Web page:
My Pet World: Heroic dogs highlighted in online contest

May 31, 2011|By Steve Dale

If you have a dog, there's no doubt your best friend is a hero to you. But some dogs' heroic exploits are downright amazing.

Heroic canines and their accomplishments will be celebrated October 1 in Los Angeles at the American Humane Assn. Hero Dog Awards (sponsored by Cesar brand dog food). Finalists will walk the red carpet (plastic bags provided) at the star-studded event.

Starting in June, members of the public can go online and vote for their favorite candidates in eight categories: Search-and-Rescue Dogs, Guide Dogs. Service Dogs, Therapy Dogs, Hearing Dogs (who signal people who are hearing impaired), Military Working Dogs, Law Enforcement/Arson Dogs, and Emerging Hero Dogs.


Here's a warning: Reading the hero dog stories may require tissue.

For example, Bud is a service dog from Union City, Calif.

"I was in a near fatal car accident," said the contest entrant. "I was in an induced coma for two months. My brain injuries caused me to have seizures. In 2001, I got a Bull Mastiff puppy (Bud), and over the years he seemed to know when I was going to have a seizure. His normal calm nature would change, he would whine and scratch at me, and soon after I'd have a seizure. I don't know how he knows, but I'm grateful. Bud is my pal, confidant and savior. I can now live my life the way I used to."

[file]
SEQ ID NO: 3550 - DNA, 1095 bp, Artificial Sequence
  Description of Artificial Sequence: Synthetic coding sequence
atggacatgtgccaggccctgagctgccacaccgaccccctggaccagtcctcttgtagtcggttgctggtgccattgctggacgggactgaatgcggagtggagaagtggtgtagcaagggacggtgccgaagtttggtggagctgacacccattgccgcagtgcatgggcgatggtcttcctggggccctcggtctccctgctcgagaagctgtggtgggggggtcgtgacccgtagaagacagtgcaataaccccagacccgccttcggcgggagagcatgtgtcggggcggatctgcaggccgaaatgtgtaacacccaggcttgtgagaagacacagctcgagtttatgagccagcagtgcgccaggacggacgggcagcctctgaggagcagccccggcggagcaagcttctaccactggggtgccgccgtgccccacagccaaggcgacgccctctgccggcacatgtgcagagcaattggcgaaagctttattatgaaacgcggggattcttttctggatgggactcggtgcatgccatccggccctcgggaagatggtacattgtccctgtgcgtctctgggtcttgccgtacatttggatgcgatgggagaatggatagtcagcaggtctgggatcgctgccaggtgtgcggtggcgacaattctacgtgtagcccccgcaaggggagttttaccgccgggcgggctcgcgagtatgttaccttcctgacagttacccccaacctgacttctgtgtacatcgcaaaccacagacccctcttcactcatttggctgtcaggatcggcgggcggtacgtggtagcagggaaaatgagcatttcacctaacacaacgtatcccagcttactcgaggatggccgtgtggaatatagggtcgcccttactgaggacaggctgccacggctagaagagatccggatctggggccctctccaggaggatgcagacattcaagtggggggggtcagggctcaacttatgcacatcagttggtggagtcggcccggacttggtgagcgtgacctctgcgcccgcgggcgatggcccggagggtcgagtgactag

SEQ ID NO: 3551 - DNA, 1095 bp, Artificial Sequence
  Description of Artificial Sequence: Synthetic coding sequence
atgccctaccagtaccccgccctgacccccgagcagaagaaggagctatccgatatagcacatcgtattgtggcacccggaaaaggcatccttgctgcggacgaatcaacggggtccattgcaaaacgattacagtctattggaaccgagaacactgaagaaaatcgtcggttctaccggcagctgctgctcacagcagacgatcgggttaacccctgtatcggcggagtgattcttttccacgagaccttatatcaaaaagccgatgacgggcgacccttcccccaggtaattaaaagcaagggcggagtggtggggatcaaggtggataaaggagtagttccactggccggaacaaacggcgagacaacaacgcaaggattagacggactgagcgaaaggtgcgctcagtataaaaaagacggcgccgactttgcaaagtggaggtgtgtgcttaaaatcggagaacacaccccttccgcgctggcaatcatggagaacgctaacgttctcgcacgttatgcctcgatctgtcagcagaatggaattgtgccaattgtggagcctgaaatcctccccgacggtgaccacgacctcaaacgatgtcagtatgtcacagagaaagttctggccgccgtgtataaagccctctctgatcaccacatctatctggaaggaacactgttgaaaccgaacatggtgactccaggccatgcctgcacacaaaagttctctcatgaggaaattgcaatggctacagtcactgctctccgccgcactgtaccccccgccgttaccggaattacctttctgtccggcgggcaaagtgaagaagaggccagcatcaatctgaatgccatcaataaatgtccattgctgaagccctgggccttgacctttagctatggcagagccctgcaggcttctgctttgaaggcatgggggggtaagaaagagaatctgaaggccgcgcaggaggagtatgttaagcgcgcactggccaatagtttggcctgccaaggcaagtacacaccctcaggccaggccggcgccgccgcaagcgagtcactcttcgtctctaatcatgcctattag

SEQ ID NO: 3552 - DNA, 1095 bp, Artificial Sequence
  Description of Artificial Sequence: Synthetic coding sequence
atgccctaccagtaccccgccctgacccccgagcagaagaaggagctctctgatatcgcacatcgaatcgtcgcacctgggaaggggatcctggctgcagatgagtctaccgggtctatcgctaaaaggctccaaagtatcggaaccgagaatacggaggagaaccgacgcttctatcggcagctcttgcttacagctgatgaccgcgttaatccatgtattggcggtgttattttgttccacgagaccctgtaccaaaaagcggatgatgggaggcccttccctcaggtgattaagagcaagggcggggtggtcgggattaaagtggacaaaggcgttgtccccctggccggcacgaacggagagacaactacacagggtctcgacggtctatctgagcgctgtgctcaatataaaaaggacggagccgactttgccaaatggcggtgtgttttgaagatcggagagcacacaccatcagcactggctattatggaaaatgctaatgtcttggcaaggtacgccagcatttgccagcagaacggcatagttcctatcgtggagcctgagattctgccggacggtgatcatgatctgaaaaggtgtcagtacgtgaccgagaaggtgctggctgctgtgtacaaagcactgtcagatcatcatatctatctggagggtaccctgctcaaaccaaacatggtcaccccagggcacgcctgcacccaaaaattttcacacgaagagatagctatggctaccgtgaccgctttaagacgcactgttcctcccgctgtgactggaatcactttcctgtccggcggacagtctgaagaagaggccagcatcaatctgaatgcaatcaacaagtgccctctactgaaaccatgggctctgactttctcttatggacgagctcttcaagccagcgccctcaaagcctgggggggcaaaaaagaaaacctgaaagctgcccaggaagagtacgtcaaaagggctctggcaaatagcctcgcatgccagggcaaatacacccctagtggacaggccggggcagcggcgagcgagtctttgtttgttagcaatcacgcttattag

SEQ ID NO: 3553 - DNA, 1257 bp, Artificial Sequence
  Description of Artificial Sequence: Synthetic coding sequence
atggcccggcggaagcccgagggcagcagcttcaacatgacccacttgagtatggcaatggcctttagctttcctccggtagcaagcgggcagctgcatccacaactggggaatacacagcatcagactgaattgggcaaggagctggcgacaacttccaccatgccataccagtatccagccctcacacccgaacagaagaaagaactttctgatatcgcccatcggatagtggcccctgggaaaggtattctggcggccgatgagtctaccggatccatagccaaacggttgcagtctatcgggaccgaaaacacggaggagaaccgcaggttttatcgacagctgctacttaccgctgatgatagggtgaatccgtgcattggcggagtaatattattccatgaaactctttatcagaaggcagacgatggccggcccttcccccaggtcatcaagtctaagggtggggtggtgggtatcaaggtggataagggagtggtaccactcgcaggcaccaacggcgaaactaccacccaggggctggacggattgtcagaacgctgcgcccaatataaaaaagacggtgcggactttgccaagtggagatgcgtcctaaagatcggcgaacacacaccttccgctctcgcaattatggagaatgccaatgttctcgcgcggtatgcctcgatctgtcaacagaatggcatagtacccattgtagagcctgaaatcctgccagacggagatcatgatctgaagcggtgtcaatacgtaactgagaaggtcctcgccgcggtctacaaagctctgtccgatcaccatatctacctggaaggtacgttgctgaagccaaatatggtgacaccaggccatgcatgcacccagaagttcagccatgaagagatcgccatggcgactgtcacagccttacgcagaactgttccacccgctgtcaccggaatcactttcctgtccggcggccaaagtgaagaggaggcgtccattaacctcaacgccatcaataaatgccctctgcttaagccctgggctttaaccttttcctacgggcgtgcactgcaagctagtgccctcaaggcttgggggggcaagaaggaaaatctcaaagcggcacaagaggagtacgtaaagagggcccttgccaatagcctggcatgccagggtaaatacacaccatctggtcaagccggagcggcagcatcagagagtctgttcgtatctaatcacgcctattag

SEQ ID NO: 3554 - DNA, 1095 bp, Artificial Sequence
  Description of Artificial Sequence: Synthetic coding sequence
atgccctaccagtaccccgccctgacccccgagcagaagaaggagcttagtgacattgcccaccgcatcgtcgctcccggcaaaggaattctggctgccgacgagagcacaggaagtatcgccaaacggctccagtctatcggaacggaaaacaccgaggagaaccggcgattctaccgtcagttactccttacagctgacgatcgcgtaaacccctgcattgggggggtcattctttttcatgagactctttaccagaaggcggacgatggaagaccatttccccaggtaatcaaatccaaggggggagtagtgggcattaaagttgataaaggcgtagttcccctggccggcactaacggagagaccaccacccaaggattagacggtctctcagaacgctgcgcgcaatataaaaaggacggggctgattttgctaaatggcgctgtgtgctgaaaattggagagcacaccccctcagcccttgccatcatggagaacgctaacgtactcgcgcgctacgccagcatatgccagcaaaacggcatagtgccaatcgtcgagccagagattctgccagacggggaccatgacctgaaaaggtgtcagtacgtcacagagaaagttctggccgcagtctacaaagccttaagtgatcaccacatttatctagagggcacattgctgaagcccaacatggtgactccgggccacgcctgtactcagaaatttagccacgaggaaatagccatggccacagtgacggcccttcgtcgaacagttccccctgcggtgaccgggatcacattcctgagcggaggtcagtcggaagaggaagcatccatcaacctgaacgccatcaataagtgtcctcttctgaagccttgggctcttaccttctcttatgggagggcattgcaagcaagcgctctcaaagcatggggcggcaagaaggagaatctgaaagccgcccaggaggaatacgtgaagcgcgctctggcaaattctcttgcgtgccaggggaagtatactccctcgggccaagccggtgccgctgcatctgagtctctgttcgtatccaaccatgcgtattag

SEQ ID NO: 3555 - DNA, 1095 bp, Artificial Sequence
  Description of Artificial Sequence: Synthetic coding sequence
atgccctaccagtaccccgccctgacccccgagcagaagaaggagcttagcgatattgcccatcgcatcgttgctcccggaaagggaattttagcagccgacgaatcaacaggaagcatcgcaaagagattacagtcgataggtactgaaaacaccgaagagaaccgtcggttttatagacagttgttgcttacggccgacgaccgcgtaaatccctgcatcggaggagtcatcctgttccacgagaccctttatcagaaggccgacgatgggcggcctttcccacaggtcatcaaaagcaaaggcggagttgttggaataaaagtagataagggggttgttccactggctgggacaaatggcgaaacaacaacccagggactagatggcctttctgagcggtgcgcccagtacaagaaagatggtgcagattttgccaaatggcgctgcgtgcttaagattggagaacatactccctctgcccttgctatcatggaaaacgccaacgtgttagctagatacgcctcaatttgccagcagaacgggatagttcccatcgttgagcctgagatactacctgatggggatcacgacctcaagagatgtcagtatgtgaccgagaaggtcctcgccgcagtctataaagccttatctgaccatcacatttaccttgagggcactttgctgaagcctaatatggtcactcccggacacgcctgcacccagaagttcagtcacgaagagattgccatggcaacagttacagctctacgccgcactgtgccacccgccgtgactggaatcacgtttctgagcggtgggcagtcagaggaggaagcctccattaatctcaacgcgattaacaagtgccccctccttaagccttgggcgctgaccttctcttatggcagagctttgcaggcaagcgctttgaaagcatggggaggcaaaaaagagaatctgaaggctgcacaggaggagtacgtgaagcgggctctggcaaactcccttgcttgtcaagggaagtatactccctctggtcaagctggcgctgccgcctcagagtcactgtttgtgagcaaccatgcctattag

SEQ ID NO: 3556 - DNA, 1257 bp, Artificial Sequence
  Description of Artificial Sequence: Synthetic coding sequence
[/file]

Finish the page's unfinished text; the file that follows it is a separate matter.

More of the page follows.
Another service dog, named Johnny, from Phoenix, alerted her owner to a fire, perhaps saving her life.

It can be tough for a young teenager to pay attention, but Muggs, another service dog, has A.J. covered. Whenever A.J., from Peoria, Ill., slips toward a diabetic low, Muggs warns him.

Under the category of Law Enforcement/Arson Dog, Sadie, of Westminster, Colo., has sniffed for evidence following 400 fires. Her body of work has led to many arson arrests.

"Sadie has worked in extreme environments (high rise buildings to mountains) and never missed a call to duty," the entrant wrote.

Sadie also conducts about 50 K-9 demonstrations a year to promote fire safety and prevention.

Steven, a wounded veteran in Friendswood, Texas, says his dog, Sonny, provides balance support and guide dog (or seeing eye dog) assistance. Those who know Steven give equal credit to medical science and Sonny for Steven's remarkable progress.

In Plano, Texas, Mr. Bojangles is a Bloodhound with an impressive resume, beginning with finding several wandering Alzheimer's victims. He's also helped police nab suspected murderers, not once but twice.

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